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Shane Vincent

The young photographer, who describes the nature of his work as street-photography, discusses 35mm versus digital and the best places to capture genuine and spontaneous moments

The life of street-photographer is an interesting one. Where the day to day menial realities can often get in the way of many peoples' creative imaginations the street-photographer is able to surpass and overcome this sense of routine. He or she constantly seeks to find an obscure brilliance in the simplicity of their surroundings, quickly pouncing on a moment that could be missed by the untrained eye. 

To have the ability to look through a standard object or a commonly passed place and apply a subjective quality is quite remarkable. Shane Vincent, 19-years-old from London, is a budding photographer of this nature. Capturing the spontaneity that evolves around him is Shane's reasoning for becoming involved in photography. We talk to the young 'snapper' to find out how he goes about his work and what he wants to do with it in the future.

Dazed Digital: As a street photographer describe what you look for and how do you go about your duty?
Shane Vincent
: What I love about street photography is its spontaneity, so I'm not usually out hunting for an image, it's more something I notice naturally when out exploring. I tend to look for interesting forms and colours that people may see every day of their lives but don't stop to notice. The colours may come from natural light that only exists for a very small portion of the day, or contrasting colours that are man made. A lot of this tends to be fairly gritty to an extent, I can't really explain why this side of photography attracts me, I guess it's just the style that naturally developed.

DD: Using both 35mm and digital how do they differ for certain aspects of your work and what are your preferences?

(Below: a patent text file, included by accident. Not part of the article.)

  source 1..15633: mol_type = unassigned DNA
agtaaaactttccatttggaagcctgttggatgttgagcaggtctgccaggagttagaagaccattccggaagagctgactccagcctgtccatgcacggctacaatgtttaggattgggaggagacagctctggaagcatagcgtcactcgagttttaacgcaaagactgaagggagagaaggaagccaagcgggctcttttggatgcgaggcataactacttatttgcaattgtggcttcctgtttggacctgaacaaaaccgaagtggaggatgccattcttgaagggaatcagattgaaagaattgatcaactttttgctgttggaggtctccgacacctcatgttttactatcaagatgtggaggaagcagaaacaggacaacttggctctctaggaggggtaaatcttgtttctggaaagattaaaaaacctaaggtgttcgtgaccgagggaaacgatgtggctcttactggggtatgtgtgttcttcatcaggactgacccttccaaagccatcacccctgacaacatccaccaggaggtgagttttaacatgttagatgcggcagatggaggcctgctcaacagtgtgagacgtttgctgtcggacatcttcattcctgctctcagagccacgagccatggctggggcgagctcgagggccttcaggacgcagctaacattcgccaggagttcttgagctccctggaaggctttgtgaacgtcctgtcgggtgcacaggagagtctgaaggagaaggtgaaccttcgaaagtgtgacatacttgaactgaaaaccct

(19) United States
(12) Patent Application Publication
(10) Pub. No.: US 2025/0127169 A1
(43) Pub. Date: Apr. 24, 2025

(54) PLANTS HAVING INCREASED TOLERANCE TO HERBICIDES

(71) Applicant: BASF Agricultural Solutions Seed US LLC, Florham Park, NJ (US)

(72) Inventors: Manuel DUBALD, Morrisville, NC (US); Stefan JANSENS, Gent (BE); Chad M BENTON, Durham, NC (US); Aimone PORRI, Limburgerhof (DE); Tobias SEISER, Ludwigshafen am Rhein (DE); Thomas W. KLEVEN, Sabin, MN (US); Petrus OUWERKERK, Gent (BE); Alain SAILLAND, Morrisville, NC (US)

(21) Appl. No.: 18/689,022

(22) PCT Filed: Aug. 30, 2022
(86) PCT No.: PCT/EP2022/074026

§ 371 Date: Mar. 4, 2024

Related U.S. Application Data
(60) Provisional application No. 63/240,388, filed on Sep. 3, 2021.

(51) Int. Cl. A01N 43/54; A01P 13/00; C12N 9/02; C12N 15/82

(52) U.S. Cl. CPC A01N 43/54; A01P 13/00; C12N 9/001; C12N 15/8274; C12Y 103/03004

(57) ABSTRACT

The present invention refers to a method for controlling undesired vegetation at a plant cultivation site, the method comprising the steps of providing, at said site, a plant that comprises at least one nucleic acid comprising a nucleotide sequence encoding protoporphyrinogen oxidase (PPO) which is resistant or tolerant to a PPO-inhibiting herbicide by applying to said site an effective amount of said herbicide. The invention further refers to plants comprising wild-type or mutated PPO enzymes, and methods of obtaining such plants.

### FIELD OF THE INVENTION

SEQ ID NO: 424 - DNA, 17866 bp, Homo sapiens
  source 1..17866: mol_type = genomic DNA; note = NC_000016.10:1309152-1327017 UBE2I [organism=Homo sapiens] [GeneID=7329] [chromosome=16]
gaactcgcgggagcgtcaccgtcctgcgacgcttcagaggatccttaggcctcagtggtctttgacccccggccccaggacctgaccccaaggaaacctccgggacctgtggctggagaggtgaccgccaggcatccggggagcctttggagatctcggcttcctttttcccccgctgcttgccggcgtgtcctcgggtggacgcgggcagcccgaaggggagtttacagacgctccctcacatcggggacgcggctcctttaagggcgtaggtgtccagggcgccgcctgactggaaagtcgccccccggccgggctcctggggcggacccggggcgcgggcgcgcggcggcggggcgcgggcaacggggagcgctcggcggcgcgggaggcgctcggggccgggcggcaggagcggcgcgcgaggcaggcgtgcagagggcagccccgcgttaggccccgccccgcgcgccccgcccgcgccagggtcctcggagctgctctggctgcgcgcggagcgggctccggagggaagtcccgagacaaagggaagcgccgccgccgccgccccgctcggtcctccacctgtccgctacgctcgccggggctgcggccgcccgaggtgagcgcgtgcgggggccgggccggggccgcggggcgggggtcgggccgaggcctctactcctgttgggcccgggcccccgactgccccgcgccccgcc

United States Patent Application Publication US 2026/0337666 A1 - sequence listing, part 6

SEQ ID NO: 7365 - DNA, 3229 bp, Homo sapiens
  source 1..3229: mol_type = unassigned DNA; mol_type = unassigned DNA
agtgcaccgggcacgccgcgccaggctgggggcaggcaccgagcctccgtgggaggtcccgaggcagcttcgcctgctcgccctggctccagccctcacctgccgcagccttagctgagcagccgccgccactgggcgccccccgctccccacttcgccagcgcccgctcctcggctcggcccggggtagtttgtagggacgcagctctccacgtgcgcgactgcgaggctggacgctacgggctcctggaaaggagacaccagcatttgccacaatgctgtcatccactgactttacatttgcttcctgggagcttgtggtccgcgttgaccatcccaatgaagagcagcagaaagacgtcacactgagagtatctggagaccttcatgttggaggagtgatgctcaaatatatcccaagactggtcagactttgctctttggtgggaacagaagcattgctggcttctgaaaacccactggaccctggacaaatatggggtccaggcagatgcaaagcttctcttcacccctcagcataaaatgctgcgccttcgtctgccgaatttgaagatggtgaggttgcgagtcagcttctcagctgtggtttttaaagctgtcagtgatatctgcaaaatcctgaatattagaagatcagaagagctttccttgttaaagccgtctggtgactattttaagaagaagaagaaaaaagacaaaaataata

Shane Vincent:
I started off using 35mm, I haven't ever studied photography in school and thought it would be the best way to start, from the beginning. As I began to get the hang of using the camera, I loved the effect and style that 35mm, the grain and quality of colour was something I struggled to produce on digital. For a long time I preferred everything about 35mm, until it got too expensive to keep up and decided to give digital a try.

As I discovered how to use digital I began to really like it, the quality of the images seemed very different from 35mm, more crisp, more contrast, yet equally strong. Right now I can't say which I prefer, my 35mm photos seem to have more interesting colour and a more raw quality, however, digital seems to be more striking and contemporary.

DD: Where is your favourite place to capture a genuine moment that doesn't hide its real qualities?
Shane Vincent:
Tough question. I guess that to me is what street photography is about, capturing genuine moments, as some photo shoots that involve too much preparation kill the rawness or the character of the image.
DD: What are you currently working on?
Shane Vincent:
I'm working on a challenge set by a certain photographer who's work i admire. The challenge was to find a subject that moves me and shoot a set of at least 20 photos on it. I just returned from a few weeks away and intend to get right on it. Finding the subject is harder then I first predicted though. Besides this I'm working on learning more about my camera in the hope to produce better images.

DD: How do you plan on developing your photography and where would you like it to take you?
Shane Vincent:
At the moment my photography collection seems to be full of random images, I intend on developing my style so that the images flow more as a story. I'd like my photography to take me as far as it can, It's something thats quickly changed from an interest, to a hobby, to more than a hobby in a short space of time, I hope the momentum continues and to hopefully be noticed by some of the photographers I admire.